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Lawmaker urges government to treat sewage sludge as a resource

By HOU LIQIANG | CHINA DAILY | Updated: 2022-03-18 09:52
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A national legislator has urged the government to explore more channels to use sludge from sewage disposal as a resource, because the output of such waste is increasing each year.

The daily sewage disposal capacity in China's urban areas has reached 220 million metric tons, with over 60 million tons of sludge with a moisture content of 80 percent generated during the disposal process each year, said Cheng Hanfei, a National People's Congress deputy from Anhui province who is also chief engineer of an environmental protection company affiliated with State-owned China Minmetals Corporation.

Considering that the proportion of waste water that is collected for disposal will continue to rise and because there is also a need to clear sludge from sewage pipe networks, Cheng said he expects China's annual sludge output will exceed 100 million tons by 2025.

Due to the limited capacity to dispose of such waste, a lot of the sludge is not handled in a timely manner, and the increasing amount is likely to exacerbate the problem, he said.

In 2020, a team with the high-profile central environmental inspection found that a sewage treatment plant in Beijing's Pinggu district had not disposed of sludge as required for an extended period of time. Some sludge from the plant was buried illegally, according to the Ministry of Ecology and Environment.

The ministry said the district's slow progress in building sludge treatment facilities was to blame for the violations.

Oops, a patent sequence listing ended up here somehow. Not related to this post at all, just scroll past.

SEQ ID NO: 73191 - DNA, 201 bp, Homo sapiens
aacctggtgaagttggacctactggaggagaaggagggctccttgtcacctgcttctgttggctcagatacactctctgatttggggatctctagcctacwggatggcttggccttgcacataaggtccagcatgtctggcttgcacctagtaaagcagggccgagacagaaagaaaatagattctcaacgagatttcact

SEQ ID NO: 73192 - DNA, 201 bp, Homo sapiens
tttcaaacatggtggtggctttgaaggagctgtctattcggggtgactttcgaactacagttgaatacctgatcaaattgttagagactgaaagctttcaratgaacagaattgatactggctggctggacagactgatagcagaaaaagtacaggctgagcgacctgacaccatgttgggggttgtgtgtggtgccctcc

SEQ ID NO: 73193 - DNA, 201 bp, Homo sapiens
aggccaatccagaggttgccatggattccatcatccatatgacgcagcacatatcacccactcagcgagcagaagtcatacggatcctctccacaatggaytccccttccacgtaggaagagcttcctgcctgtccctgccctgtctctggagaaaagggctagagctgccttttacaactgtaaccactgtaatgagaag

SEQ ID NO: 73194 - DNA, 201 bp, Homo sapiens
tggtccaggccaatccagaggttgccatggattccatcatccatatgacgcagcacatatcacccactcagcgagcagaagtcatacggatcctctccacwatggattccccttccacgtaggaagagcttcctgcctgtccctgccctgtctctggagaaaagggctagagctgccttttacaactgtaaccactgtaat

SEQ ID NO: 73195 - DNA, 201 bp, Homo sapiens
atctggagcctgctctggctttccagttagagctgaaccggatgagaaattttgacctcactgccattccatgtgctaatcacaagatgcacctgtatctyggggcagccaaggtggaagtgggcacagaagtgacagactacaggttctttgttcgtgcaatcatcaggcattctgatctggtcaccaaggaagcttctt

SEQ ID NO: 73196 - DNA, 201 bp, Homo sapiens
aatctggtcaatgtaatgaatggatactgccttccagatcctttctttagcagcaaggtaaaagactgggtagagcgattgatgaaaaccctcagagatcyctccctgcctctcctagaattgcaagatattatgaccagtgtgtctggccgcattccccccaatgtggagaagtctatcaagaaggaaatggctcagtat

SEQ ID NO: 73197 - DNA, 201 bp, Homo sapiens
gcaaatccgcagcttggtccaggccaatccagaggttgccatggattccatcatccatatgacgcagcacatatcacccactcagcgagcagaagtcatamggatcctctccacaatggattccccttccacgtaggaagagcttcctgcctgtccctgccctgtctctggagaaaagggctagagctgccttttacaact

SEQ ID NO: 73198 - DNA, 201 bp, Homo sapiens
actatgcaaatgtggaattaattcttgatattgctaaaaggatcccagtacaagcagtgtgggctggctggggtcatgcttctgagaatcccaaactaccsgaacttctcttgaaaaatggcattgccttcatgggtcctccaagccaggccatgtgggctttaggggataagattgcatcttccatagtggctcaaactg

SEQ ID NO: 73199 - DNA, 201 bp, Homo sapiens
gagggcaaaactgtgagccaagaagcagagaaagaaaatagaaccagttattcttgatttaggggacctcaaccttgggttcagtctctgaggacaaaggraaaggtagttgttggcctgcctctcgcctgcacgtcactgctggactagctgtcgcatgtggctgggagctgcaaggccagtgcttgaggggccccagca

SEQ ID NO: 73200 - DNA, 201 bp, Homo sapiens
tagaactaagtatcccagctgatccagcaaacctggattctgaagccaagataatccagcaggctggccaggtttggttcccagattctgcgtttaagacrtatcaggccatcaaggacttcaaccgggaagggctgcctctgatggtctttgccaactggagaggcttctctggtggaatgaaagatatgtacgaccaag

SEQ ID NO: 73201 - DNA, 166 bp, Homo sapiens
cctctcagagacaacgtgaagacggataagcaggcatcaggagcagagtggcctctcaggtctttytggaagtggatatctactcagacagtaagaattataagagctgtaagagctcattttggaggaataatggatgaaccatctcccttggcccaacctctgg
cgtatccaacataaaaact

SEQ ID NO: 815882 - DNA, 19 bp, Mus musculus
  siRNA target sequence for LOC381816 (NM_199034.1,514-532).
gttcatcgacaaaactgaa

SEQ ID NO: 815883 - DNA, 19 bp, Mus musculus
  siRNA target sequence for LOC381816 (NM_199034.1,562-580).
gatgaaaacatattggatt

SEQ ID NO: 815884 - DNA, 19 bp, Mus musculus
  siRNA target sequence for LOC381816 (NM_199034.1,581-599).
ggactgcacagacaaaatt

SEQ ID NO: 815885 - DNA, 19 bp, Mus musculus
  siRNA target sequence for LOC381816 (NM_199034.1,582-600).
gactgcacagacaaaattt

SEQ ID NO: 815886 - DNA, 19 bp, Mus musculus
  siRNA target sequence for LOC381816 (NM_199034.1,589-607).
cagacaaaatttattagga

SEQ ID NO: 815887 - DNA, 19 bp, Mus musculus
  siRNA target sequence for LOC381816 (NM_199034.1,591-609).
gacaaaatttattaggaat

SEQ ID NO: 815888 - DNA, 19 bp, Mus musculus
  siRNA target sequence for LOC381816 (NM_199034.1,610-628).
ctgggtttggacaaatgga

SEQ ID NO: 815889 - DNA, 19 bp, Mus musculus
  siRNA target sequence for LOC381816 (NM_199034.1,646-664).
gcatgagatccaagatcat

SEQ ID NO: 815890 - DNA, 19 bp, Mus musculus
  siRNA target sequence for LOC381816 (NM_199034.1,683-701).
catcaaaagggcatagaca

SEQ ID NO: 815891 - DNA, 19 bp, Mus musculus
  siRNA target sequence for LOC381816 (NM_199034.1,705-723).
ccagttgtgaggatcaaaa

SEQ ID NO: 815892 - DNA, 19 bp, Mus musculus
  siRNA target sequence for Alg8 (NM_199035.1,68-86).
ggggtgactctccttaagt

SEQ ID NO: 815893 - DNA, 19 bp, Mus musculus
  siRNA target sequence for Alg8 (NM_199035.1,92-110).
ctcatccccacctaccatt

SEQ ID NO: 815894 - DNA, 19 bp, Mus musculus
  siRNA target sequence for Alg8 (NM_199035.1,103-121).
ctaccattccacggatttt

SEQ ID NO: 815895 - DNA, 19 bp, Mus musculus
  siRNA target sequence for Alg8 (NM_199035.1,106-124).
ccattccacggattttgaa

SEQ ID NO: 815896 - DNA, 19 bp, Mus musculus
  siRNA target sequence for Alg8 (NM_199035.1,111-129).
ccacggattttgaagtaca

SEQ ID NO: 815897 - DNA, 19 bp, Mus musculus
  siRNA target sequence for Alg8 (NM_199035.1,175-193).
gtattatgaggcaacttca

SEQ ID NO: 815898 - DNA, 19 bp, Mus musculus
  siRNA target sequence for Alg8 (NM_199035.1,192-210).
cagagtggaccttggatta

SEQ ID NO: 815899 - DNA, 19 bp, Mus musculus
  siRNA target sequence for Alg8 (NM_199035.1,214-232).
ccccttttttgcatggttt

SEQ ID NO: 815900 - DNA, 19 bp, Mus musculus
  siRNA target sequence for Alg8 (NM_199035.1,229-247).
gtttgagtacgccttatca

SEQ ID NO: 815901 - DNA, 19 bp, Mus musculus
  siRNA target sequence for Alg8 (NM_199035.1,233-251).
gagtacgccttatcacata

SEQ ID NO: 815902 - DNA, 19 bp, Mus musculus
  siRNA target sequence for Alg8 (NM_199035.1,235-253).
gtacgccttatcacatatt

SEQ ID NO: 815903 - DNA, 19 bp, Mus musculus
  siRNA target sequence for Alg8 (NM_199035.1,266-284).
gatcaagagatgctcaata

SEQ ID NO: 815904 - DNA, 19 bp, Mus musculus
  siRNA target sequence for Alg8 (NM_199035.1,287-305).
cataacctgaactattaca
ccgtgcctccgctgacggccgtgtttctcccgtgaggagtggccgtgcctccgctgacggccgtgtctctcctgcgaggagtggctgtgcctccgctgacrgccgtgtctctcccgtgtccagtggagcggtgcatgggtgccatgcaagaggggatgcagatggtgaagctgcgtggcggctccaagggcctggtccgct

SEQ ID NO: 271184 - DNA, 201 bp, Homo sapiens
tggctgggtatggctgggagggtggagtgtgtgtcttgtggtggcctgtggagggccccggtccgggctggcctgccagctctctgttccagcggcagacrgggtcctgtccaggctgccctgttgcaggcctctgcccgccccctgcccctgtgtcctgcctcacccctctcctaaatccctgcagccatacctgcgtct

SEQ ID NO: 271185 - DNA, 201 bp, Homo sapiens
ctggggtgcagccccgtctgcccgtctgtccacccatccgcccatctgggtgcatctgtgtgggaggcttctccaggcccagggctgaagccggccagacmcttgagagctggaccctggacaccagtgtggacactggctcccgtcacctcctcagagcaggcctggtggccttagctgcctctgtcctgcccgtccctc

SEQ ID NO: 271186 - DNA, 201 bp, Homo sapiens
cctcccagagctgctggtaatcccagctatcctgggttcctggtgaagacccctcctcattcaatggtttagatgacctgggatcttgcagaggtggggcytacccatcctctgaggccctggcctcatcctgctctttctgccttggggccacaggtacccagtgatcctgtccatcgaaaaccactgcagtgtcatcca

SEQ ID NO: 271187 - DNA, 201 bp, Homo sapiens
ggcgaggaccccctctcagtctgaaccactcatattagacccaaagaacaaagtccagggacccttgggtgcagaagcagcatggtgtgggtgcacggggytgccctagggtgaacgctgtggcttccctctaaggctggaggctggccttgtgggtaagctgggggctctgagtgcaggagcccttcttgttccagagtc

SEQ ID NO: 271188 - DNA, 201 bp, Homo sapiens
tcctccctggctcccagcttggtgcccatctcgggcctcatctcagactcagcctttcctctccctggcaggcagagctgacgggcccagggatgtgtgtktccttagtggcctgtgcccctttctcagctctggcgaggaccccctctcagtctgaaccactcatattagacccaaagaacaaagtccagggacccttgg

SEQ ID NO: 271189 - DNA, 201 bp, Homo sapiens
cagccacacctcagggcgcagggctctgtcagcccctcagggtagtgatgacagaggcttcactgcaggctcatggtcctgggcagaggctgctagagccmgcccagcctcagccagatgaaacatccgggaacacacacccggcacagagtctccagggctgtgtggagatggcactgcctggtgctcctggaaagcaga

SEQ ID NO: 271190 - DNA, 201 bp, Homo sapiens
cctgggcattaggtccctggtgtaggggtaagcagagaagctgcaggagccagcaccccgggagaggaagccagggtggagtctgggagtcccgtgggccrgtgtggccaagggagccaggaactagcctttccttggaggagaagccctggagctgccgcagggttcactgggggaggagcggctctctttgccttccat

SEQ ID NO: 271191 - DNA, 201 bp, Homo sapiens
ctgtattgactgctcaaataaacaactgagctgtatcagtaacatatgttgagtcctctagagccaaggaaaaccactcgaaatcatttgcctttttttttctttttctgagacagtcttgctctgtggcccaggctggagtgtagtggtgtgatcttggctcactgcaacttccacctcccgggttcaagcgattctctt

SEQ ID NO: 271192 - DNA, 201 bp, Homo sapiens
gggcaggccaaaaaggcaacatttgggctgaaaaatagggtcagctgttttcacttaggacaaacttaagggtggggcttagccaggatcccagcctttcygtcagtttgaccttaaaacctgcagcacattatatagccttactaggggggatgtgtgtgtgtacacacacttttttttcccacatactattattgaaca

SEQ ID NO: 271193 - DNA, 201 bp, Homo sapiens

A large amount of sludge is now sent to landfill sites across the country, while some is sent to cement plants or coal-fired power stations for incineration.

The sludge, especially that from toilet wastewater, is rich in nitrogen and phosphorus, which are primary nutrients in fertilizers. They can not only be used for composting, but also have potential in the restoration of mine areas and urban landscaping, Cheng said.

"In some developed countries, sludge is defined as a resource rather than waste," he said.

"With efforts in technology development and encouraging policy support, they have strengthened the utilization of sludge as a resource."

Cheng said, however, that some factors are hindering similar utilization of sludge in China.

Compared with developed nations, sludge in China contains more sand, he said, while some urban sewage treatment plants designed for domestic sewage also have to accept industrial wastewater, which results in sludge with higher levels of heavy metals.

While the Ministry of Ecology and Environment encourages the use of sludge as a resource, the Ministry of Agriculture and Rural Affairs has safety concerns, Cheng said.

The construction and operation of sewage treatment plants falls under the jurisdiction of another government body, the Ministry of Housing and Urban-Rural Development.

Cheng called for concerted efforts from different government bodies to address the factors hindering the use of sludge.

Once sources of sand and heavy metals are traced, the government could take measures to address those problems, he said.

One viable solution to prevent heavy metals from entering sewage treatment plants is to ask source companies to conduct pretreatment before discharging their waste water into the sewage pipe network.

While emphasizing the importance of safe utilization, the government should hammer out preferential policies to encourage the use of sludge for more purposes, he said.

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